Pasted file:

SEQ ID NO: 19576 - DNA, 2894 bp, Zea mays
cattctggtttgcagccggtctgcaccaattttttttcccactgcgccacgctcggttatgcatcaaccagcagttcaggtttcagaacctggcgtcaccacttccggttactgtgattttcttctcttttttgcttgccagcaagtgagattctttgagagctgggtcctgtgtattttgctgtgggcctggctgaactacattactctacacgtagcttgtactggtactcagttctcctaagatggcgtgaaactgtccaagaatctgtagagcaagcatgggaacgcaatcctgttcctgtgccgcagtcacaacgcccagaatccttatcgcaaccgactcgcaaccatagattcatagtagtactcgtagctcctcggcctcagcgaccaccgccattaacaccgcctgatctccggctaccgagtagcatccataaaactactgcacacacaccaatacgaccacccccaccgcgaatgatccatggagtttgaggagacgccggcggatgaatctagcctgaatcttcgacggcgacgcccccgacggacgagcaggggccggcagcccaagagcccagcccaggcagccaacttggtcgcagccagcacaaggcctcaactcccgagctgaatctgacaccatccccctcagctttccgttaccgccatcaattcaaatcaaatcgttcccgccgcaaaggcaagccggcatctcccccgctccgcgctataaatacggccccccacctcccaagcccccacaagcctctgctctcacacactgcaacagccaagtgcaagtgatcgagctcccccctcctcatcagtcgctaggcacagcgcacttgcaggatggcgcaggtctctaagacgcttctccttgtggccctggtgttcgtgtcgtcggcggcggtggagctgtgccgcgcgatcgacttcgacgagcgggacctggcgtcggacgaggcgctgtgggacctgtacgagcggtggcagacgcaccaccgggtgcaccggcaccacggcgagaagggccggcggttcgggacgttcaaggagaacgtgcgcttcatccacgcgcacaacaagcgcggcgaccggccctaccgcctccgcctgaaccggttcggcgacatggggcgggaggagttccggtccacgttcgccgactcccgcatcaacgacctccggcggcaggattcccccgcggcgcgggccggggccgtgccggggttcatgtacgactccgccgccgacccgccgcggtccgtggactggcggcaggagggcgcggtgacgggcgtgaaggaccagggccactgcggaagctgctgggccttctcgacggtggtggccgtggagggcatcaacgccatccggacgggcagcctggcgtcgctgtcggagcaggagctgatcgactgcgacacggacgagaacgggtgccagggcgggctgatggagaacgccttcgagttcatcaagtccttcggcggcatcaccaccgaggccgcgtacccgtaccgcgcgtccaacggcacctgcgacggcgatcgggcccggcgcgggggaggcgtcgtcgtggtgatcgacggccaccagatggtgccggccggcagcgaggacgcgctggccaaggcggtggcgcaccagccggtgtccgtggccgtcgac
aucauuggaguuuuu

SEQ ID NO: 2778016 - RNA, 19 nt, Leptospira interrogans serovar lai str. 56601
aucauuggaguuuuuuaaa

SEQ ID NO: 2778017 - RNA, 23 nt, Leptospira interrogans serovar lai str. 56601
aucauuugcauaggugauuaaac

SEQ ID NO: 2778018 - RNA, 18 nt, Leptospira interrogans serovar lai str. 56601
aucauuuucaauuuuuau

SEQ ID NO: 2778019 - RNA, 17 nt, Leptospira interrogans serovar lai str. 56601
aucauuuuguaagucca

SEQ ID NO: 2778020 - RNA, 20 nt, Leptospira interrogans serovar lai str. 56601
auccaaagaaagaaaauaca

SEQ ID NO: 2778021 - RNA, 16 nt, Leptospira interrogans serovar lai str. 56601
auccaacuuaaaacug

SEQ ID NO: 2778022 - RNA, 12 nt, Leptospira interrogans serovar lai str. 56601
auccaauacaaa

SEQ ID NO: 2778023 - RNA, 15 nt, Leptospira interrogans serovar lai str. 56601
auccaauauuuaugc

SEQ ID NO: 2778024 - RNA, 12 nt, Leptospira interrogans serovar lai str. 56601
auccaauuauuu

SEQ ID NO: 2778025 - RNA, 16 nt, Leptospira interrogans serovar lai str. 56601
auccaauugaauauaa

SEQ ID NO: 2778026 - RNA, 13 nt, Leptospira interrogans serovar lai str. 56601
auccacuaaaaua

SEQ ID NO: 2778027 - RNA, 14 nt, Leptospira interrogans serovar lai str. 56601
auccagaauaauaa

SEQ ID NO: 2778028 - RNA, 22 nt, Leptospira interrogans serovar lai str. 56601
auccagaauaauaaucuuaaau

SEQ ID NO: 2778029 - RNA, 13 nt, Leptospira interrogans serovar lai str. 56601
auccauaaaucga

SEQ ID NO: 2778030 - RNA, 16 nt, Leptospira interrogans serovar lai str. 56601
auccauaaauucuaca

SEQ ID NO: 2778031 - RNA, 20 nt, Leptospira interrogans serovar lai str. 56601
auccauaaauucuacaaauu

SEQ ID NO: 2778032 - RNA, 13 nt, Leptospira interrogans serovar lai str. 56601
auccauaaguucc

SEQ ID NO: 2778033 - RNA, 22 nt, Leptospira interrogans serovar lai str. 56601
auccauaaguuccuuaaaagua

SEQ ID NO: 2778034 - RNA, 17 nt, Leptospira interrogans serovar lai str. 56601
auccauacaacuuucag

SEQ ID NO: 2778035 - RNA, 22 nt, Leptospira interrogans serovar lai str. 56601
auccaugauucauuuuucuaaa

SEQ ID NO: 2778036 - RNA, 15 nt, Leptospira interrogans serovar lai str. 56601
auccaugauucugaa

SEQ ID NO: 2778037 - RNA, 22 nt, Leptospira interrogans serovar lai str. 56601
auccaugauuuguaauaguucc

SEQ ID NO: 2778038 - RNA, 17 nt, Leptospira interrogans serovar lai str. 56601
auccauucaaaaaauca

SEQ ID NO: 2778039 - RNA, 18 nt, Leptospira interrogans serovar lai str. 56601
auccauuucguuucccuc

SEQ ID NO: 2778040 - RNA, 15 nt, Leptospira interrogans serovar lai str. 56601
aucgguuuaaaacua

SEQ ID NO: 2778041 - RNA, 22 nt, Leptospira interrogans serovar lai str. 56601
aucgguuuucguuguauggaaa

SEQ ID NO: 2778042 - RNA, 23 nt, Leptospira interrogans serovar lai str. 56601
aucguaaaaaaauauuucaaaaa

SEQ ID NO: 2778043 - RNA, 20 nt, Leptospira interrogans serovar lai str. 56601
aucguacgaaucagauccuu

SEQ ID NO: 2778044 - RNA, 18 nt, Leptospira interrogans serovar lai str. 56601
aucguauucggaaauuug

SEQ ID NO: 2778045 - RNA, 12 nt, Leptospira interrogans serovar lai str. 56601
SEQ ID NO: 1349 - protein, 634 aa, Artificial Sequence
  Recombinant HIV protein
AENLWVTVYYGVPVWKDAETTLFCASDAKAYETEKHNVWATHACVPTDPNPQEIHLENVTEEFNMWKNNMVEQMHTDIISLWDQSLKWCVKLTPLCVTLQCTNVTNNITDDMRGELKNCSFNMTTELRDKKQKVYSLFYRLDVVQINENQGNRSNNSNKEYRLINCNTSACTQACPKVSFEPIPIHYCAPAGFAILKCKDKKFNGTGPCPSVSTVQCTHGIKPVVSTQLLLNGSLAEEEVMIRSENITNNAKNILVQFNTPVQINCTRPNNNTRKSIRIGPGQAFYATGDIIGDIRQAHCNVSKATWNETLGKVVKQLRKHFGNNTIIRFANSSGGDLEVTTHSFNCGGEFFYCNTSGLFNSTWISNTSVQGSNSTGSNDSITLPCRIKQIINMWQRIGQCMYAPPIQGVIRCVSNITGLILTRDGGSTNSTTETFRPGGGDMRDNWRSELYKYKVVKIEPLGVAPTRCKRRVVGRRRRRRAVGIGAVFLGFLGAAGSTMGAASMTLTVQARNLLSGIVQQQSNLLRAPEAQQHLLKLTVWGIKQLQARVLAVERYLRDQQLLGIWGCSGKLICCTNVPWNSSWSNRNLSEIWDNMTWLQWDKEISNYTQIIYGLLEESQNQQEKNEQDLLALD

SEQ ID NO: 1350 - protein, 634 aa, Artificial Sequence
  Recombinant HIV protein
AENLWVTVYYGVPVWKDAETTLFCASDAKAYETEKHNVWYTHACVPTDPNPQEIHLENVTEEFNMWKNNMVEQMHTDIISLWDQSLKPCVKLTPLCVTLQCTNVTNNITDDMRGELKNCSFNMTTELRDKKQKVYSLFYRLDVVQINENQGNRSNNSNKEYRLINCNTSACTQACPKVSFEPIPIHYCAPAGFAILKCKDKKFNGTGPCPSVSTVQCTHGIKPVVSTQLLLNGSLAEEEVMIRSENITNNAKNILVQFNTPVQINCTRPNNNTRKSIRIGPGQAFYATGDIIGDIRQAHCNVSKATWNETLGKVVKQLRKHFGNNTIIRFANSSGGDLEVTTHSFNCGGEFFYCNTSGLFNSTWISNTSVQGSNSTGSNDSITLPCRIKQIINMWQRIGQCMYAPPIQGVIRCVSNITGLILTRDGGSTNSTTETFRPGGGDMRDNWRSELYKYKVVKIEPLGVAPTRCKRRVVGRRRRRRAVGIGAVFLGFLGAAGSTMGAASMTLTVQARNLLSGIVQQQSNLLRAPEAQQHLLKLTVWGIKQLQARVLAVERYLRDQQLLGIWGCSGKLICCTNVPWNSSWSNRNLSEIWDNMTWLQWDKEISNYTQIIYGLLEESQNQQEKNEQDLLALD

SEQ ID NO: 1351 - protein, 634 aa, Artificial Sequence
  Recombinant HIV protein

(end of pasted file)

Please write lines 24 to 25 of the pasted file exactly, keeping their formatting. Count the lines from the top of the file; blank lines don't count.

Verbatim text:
SEQ ID NO: 2778026 - RNA, 13 nt, Leptospira interrogans serovar lai str. 56601
auccacuaaaaua